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Abstract #2373

Cerebrovascular Reactivity and Cerebral Blood Flow across lifespan in females

Safa Sanami1, Brittany Intzandt2,3,4, Fatemeh Razavipour1, Julia Huck1, Richard D Hoge5, Louis Bherer3,4,6,7, and Claudine J Gauthier1,4,6
1Physics, Concordia University, Montreal, QC, Canada, 2INDI, Concordia University, Montreal, QC, Canada, 3Centre de Recherche de l'Institut Universitaire de Geriatrie, Montreal, QC, Canada, 4Centre de Recherche, l'Institut de Cardiologie de Montréal, Montreal, QC, Canada, 5Department of Neurology and Neurosurgery, McGill University, Montreal, QC, Canada, 6PERFORM Centre, Concordia University, Montreal, QC, Canada, 7Départment de Médicine, Université de Montréal, Montreal, QC, Canada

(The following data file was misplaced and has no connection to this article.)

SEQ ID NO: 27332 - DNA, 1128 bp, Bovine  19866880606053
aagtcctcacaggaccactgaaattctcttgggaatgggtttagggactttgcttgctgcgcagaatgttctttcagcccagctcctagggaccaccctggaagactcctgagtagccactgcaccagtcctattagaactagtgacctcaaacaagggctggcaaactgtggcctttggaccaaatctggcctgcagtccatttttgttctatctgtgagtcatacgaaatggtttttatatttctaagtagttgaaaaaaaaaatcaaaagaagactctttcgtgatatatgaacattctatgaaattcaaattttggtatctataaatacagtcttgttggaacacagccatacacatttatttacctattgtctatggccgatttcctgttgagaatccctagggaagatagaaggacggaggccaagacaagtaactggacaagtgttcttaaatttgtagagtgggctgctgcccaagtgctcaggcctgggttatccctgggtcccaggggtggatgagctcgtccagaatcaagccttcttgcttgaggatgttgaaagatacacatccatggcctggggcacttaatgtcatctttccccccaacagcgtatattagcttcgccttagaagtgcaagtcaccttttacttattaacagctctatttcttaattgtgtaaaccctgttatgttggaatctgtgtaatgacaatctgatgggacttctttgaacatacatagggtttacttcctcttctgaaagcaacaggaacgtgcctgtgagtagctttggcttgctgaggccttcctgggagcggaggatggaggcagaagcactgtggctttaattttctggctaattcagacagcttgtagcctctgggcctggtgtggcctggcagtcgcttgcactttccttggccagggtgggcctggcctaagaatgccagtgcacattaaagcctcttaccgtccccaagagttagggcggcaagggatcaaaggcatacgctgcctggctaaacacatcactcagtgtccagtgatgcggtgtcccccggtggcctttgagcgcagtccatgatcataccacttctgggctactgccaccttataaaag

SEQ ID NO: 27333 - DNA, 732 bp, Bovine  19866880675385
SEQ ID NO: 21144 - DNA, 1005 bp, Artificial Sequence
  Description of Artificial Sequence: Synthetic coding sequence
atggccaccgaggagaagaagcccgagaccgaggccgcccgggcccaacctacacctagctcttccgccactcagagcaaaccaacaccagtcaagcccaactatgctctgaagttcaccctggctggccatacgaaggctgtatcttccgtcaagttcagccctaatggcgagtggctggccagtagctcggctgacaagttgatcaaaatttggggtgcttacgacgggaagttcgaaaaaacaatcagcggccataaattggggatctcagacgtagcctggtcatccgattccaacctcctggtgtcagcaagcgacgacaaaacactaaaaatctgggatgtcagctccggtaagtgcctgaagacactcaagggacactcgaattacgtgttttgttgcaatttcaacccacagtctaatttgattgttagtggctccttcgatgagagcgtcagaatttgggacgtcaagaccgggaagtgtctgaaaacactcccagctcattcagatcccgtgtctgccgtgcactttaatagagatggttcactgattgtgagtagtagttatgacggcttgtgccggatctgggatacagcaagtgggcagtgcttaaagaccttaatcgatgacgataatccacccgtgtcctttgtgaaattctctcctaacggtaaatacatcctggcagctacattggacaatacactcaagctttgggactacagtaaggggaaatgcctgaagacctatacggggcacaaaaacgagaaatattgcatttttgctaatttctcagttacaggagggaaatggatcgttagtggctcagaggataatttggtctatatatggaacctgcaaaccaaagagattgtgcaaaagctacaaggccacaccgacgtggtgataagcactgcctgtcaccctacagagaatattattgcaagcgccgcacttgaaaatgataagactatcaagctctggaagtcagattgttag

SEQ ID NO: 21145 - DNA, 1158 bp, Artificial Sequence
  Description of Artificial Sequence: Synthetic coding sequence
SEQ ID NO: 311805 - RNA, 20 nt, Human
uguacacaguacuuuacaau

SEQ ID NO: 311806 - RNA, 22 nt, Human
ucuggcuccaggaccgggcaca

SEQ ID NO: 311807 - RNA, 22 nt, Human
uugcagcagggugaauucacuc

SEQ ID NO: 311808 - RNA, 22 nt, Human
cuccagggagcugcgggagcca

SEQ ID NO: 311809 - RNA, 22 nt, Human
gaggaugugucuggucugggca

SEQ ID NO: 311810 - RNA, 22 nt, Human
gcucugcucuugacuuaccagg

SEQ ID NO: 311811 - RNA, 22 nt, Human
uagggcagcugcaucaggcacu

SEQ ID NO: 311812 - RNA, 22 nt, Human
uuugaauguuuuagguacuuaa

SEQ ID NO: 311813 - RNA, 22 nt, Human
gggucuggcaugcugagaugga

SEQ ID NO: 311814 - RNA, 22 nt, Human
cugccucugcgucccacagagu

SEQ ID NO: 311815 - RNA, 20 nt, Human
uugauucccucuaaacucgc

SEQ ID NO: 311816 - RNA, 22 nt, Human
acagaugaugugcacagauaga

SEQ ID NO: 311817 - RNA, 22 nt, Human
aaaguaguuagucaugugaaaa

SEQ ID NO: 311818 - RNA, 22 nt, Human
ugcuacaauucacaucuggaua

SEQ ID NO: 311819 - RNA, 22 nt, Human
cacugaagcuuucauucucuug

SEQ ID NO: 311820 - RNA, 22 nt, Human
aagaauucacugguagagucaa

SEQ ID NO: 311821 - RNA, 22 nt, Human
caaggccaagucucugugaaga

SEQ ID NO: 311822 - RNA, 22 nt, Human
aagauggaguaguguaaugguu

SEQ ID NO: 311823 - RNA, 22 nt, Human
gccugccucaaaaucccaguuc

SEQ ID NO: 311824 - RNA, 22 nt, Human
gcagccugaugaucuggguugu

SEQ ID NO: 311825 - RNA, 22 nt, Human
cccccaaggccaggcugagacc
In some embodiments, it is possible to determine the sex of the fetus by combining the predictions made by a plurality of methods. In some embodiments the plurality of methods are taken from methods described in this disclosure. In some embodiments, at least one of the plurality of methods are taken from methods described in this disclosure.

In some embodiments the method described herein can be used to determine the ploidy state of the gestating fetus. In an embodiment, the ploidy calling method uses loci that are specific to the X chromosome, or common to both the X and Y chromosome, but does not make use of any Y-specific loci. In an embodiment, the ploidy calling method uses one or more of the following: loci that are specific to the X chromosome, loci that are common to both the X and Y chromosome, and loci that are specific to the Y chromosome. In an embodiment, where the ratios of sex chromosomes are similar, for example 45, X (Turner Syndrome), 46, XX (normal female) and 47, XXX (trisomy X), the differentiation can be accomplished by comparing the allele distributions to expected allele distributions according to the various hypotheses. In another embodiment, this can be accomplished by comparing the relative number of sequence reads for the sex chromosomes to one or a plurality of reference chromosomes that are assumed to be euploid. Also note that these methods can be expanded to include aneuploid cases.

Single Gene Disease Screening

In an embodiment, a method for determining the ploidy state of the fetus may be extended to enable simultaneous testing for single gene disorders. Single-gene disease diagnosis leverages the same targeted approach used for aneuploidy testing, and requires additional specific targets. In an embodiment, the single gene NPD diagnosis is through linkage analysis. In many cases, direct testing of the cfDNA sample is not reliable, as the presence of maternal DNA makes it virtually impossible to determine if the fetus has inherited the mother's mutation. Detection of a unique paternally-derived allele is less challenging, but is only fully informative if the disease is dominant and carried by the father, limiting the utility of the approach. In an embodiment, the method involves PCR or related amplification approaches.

Aging is associated with cerebrovascular impairments in males and females, yet this impairment develops nearly one decade later in females. Although cerebral blood flow (CBF) is consistently reported as higher in females, results on cerebrovascular reactivity (CVR) have not been uniform in studies comparing females to males. Here, given that much less is known about cerebrovascular changes in females than males, we examined CBF and CVR during aging in healthy females only. Our results revealed that both CBF and CVR decline across the lifespan in females. Future work should include hormone levels, arterial stiffness, other vascular risk factors, and males.

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